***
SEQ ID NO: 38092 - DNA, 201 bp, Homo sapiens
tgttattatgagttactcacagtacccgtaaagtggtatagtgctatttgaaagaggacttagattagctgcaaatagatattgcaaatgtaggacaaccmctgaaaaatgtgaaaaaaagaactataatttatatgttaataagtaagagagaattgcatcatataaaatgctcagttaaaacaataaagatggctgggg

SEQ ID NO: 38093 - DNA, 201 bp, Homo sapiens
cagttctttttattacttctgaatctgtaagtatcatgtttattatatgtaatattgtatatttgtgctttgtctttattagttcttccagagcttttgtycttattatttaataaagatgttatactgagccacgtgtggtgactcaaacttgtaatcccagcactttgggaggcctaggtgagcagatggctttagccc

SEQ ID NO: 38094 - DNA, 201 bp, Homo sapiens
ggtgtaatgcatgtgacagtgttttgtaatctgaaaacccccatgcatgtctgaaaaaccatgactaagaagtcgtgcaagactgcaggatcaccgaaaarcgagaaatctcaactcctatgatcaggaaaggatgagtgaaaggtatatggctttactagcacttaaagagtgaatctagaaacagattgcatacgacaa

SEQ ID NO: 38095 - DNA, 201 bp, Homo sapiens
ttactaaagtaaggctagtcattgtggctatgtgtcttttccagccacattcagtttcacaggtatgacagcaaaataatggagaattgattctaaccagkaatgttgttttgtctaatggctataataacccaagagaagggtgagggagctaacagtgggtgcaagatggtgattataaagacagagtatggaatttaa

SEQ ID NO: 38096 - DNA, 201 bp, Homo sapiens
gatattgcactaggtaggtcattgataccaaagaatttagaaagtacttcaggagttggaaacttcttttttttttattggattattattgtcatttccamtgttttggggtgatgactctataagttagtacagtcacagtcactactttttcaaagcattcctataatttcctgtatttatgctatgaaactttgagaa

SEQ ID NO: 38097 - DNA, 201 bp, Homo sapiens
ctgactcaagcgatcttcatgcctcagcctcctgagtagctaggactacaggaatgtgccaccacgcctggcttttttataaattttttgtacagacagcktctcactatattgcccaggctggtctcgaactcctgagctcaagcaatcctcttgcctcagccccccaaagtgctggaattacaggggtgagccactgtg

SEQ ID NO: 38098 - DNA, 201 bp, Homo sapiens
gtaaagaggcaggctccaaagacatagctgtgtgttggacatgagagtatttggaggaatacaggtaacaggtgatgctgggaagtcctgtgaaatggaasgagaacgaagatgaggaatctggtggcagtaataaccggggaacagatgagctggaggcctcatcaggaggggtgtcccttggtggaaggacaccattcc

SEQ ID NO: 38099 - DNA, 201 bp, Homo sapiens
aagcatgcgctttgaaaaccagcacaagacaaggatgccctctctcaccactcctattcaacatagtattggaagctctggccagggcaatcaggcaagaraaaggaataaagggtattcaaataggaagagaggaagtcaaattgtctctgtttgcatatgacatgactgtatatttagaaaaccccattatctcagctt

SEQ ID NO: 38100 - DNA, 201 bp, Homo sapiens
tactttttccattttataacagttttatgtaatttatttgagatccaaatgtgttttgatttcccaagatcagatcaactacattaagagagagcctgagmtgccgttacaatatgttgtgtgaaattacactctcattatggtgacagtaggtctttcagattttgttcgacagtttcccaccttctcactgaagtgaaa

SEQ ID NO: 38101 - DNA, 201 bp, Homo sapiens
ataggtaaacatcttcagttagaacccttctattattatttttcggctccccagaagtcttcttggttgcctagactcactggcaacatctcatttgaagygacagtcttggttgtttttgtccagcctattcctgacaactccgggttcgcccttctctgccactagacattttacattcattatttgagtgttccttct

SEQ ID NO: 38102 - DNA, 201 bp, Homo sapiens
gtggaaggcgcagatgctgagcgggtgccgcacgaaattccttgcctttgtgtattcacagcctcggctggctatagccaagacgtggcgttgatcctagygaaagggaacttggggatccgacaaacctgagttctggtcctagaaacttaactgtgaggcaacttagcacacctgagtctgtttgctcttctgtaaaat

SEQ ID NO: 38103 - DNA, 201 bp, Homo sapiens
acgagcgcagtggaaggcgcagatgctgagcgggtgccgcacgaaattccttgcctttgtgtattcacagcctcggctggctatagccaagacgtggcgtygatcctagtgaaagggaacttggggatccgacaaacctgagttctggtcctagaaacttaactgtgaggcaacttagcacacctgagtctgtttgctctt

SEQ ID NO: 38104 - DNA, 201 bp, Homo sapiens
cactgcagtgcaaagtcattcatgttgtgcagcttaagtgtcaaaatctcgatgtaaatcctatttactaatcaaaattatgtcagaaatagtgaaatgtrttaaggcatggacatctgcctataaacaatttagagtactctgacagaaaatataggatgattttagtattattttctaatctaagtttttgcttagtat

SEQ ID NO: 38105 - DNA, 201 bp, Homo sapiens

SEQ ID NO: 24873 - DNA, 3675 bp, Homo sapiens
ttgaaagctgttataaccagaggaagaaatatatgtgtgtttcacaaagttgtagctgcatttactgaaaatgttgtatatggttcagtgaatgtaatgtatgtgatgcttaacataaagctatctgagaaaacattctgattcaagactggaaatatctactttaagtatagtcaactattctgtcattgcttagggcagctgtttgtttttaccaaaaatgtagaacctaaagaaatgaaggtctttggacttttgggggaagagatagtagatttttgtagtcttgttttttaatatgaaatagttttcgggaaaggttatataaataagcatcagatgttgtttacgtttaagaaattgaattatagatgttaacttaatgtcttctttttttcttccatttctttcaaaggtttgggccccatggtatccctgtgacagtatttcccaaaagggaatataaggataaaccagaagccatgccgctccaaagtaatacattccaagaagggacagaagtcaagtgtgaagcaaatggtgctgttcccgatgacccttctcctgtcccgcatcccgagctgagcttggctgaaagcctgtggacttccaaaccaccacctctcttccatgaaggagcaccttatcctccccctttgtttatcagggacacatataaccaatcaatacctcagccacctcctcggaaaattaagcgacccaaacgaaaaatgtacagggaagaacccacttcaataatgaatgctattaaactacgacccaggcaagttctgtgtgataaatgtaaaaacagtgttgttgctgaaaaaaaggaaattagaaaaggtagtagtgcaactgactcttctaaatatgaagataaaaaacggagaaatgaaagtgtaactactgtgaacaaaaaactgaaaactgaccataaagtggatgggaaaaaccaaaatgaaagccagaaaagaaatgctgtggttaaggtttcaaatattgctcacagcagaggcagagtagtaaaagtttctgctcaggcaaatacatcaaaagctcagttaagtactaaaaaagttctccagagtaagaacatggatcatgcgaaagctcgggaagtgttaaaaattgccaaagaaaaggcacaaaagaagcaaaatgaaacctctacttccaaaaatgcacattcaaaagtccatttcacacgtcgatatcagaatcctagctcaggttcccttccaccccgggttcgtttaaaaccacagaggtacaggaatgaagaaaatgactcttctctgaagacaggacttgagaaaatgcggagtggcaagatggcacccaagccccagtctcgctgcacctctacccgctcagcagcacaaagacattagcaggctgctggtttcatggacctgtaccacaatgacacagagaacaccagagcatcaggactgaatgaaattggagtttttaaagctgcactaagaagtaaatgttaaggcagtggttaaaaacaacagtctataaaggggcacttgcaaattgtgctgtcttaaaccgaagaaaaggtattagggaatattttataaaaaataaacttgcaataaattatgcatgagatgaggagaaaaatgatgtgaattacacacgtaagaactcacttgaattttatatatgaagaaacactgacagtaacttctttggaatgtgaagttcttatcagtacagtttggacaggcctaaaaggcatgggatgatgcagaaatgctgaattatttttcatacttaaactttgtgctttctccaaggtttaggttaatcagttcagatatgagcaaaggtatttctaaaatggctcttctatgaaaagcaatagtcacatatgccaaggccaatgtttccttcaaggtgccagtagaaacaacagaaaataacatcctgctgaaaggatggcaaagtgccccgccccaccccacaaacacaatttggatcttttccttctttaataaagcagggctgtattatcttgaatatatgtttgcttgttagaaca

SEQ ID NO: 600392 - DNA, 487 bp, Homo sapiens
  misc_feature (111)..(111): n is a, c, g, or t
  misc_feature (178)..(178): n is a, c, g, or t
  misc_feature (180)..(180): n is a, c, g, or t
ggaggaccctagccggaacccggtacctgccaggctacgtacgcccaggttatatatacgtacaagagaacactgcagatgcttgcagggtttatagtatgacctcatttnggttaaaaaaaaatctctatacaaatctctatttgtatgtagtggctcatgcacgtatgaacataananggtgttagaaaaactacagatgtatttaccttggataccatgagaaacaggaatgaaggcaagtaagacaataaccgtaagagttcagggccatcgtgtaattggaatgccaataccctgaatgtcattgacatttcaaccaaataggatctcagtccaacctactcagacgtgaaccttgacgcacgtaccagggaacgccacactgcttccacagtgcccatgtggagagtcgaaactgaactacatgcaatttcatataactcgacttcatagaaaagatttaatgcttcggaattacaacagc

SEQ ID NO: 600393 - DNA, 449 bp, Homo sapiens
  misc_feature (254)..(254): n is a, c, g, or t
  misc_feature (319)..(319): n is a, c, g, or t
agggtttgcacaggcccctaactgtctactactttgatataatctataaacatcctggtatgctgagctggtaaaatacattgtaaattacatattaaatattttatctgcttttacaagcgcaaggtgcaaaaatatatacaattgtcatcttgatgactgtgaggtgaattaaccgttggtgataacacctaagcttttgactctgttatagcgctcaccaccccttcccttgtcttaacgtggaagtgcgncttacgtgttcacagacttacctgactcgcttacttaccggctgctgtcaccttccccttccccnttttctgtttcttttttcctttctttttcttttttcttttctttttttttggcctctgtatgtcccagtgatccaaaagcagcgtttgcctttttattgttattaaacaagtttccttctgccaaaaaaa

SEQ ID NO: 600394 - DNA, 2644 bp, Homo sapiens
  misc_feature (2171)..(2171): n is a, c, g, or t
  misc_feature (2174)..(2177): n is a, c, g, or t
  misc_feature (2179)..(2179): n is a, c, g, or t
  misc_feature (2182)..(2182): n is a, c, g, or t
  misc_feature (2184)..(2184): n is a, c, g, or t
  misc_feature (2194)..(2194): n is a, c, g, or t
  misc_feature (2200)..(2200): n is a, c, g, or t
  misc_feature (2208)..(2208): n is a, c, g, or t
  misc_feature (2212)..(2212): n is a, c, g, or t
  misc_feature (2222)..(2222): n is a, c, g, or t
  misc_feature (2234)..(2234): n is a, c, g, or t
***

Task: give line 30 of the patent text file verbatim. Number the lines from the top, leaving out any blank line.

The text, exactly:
SEQ ID NO: 600392 - DNA, 487 bp, Homo sapiens